FIRST HAND LEARNING E-NEWSLETTER

Vol. 4, No. 5

IN THIS ISSUE:

1. REGISTER FOR FHL’S PDI IN NEW ORLEANS

2. “LINCK” CHILDREN WITH NATURE

3. INFORMAL SCIENCE LEADS TO LEARNING

4. A NEW MINI JOURNAL!

1. ACT NOW FOR “OUTDOOR LEARNING” AT NSTA

We are looking forward to a day out at the Audubon Zoo in New Orleans! Won’t you join us? First Hand Learning is presenting a day-long professional development institute (PDI) on Wednesday, March 18th as part of the NSTA’s national conference.

“Outdoor Learning: A Path to Science and Inquiry” will offer practical approaches for using the outdoors to teach science inquiry and literacy. For a complete description, see: http://www.nsta.org/pd/pdi/2009pdi05.aspx.

The deadline is fast approaching, so act soon. Register for the PDI and the conference at the NSTA website: http://www.nsta.org.

If you will be attending NSTA in New Orleans, but can’t make it a day early for the PDI itself, consider attending one of the linked PDI pathway sessions. For a list of these workshops visit http://www.nsta.org/pd/pdi/2009pathways.aspx#5.

2. “LINCK” UP TO NATURE

As interest grows in getting children outside – to play, explore, and learn about their world, opportunities to help adults encourage and facilitate outdoor activity are increasing. For example, if you live in the Long Island area, consider attending a day-long conference sponsored by the Long Island Nature Collaborative for Kids (LINCK).

"No Child Left Inside: Connecting Kids with Nature" will be held on March 12, 2009 at the Islandia Marriot. The keynote speaker will be Richard Louv, author of Last Child in the Woods – Saving Our Children from Nature Deficit Disorder (see http://richardlouv.com/).

For more information, a list of speakers, and the agenda, go to:
http://linck.org/index.html or http://linck.org/agenda.html

Are you seeking real-world examples of how teachers and schools can use the local environment more productively? Buffalo Public School #90 staff worked collaboratively with architects, teachers, and other stakeholders to redevelop their internal courtyard, designing the area to promote nature study and integrate outdoor play with their learning objectives. Read about it in this short, online article: http://www.buffalorising.com/2008/12/landscape-for-learning-school-90-courtyard-transformed.html#SlideFrame_0.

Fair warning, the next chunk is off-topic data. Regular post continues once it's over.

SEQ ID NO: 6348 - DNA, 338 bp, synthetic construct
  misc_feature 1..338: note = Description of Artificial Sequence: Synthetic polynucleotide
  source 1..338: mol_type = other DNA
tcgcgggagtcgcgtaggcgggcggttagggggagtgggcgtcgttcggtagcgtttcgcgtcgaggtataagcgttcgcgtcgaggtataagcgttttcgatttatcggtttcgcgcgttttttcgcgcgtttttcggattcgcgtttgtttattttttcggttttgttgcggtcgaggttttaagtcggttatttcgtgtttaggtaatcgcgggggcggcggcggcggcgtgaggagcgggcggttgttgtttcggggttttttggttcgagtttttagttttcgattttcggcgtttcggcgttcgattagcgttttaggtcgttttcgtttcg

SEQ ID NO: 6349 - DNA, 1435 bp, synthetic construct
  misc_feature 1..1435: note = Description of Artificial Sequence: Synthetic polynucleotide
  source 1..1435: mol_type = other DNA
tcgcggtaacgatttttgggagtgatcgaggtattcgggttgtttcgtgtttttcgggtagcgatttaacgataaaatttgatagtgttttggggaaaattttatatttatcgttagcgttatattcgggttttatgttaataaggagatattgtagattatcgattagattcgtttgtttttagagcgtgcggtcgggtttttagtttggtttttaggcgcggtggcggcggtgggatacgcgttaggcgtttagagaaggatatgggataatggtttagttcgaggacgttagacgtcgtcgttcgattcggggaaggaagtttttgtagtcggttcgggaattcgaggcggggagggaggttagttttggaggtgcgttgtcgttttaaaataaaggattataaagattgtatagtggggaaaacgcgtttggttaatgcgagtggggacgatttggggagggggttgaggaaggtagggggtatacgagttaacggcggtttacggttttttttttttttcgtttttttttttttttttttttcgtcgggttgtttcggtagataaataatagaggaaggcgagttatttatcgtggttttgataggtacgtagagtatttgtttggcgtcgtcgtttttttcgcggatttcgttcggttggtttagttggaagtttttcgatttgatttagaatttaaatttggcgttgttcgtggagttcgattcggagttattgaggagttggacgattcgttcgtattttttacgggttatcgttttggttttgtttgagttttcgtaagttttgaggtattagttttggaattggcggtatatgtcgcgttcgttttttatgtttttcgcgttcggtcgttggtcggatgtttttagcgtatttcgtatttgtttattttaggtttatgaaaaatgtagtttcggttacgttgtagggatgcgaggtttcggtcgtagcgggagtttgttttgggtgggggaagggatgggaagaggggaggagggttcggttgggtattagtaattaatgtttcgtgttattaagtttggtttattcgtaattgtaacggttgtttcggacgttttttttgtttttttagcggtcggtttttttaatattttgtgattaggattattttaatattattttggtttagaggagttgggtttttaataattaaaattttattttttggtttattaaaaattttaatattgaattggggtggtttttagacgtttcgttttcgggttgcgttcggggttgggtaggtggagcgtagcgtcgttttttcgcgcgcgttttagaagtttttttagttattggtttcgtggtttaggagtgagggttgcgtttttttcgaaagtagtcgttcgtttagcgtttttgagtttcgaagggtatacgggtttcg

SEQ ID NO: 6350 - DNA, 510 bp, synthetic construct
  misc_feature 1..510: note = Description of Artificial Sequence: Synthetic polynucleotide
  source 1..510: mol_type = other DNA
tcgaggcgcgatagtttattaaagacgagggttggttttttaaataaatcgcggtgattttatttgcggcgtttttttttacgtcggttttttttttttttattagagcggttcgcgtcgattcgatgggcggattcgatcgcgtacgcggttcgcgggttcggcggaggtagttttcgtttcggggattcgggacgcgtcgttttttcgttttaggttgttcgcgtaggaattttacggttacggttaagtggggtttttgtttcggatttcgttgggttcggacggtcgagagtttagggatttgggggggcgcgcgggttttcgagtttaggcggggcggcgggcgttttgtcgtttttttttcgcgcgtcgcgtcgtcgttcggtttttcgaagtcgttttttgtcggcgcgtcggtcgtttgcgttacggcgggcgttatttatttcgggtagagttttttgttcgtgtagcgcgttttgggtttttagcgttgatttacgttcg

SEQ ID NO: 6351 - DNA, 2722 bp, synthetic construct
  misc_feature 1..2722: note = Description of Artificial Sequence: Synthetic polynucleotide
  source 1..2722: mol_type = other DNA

3. THE POWER OF INFORMAL SCIENCE

A new publication released by the National Research Council provides more evidence that informal science experiences can generate interest and enthusiasm for science and improve learning outcomes for both students and adults. After-school science programs and visits to museums and zoos are just a few examples of informal science experiences that can have a positive impact.

“Learning Science in Informal Environments: People, Places, and Pursuits” can be read for free online: http://national-academies.org/morenews/20090114.html. Sections include specifying “strands” of science learning that can be supported in informal settings, ideas for how to increase participation, as well as suggestions for how to design and sustain effective programs.

4. MINI ACTIVITIES FOR WINTER

Winter blues got you down? Searching for ways to use the outdoors for learning even when signs of life seem suspended by freezing temperatures? Well, do we have a new mini-journal for you!

“Bug Hideouts” asks the question “Where do insects go when winter weather hits?” Each mini-page offers great suggestions to get kids exploring. Simply download the free mini-journal from our website, fold it up and go (hats and mittens not provided!): http://www.firsthandlearning.org/minijournal.html

Please note that directions for folding up the mini-journal are on the webpage. Consider printing a blank mini-journal (also found there) on the reverse side of “Bug Hideouts” – that way you’ll have sections to jot down your observations.

Mini journals have proven popular with many. A teacher at the Rolling Hills School in Fullerton, CA uses them as innovative homework in her mixed-age elementary classroom. See http://m.hood1700.googlepages.com/firstgradehomework.

What innovative ideas have you come up with to offer stimulating homework that extends children’s science learning? We’d love to hear your suggestions. Email us at inquiries@firsthandlearning.org.

There are more free items available on our website. Check out the other mini-journals (http://www.firsthandlearning.org/minijournal.html) as well as a great selection of downloadable lesson plans at http://www.firsthandlearning.org/free_downloads.html.

The First Hand Learning Catalog offers science notebooks, field journals, hands-on science kits, posters, and more. Go to www.firsthandlearning.org/catalog/catalog_frameset.html
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We hope you found this edition of the Firsthand Learning E-NEWSLETTER informative. Please contact us with any comments, suggestions, or questions you may have by emailing us at: inquiries@firsthandlearning.org.

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